Talk about good timing.
After the Gophers dropped to seventh place in the Big Ten and fell 11 spots in the Associated Press poll Monday, the level of concern with the team, both inside the program and out, had reached the boiling point.
Then Nebraska -- a sight for sore Gophers eyes -- came to town Tuesday night, and proved to be just what Minnesota needed to get back on track.
Relying heavily on their defensive pressure, the No. 23 Gophers took control early and overwhelmed the Cornhuskers 84-65 in front of an announced crowd of 12,672 at Williams Arena to break their four-game losing streak.
Senior forward Rodney Williams (a season-high 23 points, five rebounds), shaking off a two-game slump in which he'd scored a total of nine points, came within one point of his career high in his most aggressive game of the season. Andre Hollins (14 points) and Austin Hollins (13) joined the party with solid performances.
In the locker room afterward, it seemed a cloud had been lifted from the players' countenances, having put away -- at least temporarily -- the demons of the past two weeks.
"Oh yeah, there's definitely relief," Williams said. "I think we just needed this one win to get us going again."
That certainly might be true of the forward, who rebounded impressively from his worst game of the season, when he scored only two points and went 0-for-6 from the field in a 45-44 loss at Wisconsin on Saturday.
But within the first few seconds of Tuesday's game, it was evident Williams and the Gophers were determined to reverse their direction. Williams scored eight of the team's first nine points, dunking twice, and by halftime had compiled 19 points and four rebounds. Many possessions were run through the forward, but Williams also asserted himself by hitting the boards and getting to the free-throw line, where he went a surprising 6-for-6.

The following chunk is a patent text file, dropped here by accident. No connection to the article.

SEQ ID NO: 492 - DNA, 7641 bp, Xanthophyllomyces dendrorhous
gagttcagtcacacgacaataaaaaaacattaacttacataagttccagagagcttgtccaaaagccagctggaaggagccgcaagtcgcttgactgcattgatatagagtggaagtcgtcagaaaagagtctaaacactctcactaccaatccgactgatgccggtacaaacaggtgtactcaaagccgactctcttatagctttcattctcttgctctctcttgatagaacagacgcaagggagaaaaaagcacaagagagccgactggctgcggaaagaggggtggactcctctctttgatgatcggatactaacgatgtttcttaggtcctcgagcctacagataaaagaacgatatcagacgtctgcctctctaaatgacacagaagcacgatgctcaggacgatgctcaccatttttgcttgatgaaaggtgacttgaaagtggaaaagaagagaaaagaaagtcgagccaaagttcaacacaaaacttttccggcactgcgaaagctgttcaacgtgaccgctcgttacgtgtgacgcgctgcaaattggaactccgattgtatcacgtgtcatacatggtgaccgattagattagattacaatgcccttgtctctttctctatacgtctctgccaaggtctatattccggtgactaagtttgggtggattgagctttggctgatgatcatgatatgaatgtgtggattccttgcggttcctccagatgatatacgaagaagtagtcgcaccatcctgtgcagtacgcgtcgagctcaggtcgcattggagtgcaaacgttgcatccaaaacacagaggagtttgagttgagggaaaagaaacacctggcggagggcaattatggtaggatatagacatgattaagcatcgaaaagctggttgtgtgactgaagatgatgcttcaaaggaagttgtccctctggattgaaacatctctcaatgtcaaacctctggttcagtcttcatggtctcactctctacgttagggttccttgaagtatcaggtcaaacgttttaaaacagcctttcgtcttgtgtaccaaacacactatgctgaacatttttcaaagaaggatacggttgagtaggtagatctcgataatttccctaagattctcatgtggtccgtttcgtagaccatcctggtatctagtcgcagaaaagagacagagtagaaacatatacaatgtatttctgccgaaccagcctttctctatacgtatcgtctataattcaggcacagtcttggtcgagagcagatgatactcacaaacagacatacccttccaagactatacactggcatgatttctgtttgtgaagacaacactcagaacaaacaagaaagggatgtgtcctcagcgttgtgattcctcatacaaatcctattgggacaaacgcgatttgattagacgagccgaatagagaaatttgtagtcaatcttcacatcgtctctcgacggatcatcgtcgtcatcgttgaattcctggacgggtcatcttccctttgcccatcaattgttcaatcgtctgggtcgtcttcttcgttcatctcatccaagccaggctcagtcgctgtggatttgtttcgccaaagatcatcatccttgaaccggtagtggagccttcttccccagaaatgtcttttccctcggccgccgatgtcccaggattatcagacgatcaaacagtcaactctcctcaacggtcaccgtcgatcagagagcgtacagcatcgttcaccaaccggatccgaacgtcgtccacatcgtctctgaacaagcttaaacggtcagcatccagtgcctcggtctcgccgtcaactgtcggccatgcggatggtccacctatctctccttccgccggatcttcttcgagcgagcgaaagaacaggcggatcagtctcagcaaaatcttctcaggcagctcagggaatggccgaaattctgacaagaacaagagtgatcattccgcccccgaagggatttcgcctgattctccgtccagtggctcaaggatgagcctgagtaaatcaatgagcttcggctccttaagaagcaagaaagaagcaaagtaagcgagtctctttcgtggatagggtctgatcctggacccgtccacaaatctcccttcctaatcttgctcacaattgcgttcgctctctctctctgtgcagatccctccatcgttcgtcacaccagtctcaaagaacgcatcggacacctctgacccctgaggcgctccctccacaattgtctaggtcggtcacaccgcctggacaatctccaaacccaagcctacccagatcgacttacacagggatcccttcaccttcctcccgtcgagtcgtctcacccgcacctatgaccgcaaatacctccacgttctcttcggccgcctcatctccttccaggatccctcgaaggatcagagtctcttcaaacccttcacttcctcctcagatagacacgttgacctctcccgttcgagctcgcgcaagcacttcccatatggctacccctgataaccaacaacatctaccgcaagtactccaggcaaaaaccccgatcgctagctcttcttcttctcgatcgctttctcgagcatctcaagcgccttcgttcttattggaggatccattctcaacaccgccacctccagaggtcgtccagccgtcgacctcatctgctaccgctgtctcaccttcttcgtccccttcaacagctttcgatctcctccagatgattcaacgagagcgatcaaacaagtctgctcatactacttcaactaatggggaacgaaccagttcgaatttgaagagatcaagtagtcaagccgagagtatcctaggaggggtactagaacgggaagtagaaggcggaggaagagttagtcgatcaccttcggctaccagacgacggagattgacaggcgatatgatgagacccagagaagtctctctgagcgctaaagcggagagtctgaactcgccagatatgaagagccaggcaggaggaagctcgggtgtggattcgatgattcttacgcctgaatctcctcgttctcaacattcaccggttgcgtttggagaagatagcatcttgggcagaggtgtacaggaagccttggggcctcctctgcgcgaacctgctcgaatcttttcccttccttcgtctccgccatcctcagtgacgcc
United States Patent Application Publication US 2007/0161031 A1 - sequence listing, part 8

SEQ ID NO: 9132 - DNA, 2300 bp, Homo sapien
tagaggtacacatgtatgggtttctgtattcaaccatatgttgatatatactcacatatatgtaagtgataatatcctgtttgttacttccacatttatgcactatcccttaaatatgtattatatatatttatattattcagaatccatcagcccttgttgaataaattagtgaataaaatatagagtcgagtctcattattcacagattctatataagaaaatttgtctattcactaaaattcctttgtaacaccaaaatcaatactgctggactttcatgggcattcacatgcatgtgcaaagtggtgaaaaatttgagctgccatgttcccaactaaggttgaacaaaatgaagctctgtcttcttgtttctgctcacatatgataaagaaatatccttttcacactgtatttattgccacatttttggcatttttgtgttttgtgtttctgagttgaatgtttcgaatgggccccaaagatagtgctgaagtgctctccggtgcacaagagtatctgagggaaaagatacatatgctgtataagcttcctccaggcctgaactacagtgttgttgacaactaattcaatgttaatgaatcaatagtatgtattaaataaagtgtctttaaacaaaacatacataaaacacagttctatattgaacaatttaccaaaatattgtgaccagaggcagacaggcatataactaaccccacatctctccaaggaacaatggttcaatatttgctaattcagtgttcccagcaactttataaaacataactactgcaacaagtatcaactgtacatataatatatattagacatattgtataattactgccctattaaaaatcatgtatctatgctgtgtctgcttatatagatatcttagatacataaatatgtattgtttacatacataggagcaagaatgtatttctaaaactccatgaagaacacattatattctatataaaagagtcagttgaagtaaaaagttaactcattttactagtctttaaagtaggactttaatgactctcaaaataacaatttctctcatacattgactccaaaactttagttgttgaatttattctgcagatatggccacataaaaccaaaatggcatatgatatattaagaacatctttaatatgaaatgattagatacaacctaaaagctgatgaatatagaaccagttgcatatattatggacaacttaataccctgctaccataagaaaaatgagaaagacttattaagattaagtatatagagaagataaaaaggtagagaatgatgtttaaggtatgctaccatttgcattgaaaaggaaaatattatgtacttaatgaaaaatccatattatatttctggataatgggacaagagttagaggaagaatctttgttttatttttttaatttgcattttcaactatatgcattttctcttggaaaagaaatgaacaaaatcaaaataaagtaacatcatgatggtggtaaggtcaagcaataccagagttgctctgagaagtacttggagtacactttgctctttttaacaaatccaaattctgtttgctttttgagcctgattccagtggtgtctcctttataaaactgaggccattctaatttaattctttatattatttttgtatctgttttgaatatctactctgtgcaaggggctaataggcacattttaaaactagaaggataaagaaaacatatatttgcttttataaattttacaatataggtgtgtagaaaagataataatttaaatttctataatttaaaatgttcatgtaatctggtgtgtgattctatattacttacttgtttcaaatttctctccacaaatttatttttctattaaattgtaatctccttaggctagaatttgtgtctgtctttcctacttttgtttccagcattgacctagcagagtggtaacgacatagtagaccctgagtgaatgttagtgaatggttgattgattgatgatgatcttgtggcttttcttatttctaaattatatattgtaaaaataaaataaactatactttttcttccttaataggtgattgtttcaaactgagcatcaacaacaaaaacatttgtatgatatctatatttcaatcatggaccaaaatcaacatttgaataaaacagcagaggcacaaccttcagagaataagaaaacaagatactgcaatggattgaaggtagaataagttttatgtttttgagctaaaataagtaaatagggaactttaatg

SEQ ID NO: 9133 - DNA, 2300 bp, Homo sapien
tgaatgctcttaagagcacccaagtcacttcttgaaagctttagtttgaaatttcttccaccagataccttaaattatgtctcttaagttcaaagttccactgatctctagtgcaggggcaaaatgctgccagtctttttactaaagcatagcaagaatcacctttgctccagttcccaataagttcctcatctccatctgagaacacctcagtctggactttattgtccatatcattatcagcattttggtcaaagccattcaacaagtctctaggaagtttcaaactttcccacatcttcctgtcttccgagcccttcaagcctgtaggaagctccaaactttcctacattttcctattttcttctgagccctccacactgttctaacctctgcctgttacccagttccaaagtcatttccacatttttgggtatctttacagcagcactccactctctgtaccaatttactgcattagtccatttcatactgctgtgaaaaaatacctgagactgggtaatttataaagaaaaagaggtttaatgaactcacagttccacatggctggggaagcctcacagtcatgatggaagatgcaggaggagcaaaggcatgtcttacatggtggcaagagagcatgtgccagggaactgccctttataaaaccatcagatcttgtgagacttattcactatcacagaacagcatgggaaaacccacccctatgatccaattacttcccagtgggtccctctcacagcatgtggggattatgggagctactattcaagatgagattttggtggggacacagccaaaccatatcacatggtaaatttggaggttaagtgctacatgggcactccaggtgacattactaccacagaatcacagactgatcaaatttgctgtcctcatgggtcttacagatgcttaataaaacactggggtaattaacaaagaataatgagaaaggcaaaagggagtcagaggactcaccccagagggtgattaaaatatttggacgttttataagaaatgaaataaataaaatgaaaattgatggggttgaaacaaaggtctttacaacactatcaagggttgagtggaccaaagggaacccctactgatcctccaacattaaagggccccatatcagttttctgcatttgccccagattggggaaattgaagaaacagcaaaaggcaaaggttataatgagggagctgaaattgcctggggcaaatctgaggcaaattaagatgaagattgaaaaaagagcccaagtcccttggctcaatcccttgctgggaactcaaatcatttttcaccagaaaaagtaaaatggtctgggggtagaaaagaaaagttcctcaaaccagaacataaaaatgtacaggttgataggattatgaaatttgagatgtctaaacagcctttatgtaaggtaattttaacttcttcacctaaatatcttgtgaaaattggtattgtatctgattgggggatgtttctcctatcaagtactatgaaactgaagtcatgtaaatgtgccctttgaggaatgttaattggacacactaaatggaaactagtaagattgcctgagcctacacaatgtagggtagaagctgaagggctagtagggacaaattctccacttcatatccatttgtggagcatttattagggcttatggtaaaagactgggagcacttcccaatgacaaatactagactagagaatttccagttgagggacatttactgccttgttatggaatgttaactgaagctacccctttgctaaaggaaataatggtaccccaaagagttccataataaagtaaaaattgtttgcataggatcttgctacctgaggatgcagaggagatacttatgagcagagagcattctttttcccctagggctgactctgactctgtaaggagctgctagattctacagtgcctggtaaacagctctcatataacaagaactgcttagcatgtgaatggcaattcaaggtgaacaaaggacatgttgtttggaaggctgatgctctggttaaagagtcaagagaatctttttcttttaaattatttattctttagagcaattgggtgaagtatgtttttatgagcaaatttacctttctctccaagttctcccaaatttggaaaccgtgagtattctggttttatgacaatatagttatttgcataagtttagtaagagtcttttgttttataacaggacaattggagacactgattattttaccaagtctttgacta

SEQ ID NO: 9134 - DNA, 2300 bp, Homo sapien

Gophers coach Tubby Smith said he decided before the game to run some plays for the struggling senior to try to get him going.
"I think when we spread out the floor a little bit, it opened it up for him," Austin Hollins said. "We were setting a lot more screens, we were moving a lot more on offense. When you get that movement, it makes the defense work, and I think [Williams] got open through that."
The Gophers (16-5, 4-4 Big Ten) had only six turnovers, a season low. Hot-shooting guard Ray Gallegos (20 points in the first half, 30 for the game) kept Nebraska within nine points (44-35) at halftime -- helping the Huskers shoot 63.6 percent in the first half.
Minnesota, meanwhile, was scoring in bunches: scoring off offensive rebounds, throwing down a barrage of dunks and taking advantage of Nebraska's inability to guard the pick-and-roll.
"You always need games where guys feel good about themselves," Smith said. "Lord knows we've had enough negative over the last two weeks, enough garbage."
Beating Nebraska (11-11, 2-7) was certainly a modest accomplishment, but after consecutive losses to ranked Indiana and Michigan at home and on the road against unranked Northwestern and Wisconsin, the Gophers seemed revived.
"This team, we're mature, we've all been through the wildfire the last couple years and we don't want that to happen again," senior forward Trevor Mbakwe said. "We still have a chance to be at the top of the conference and it's up to us, really."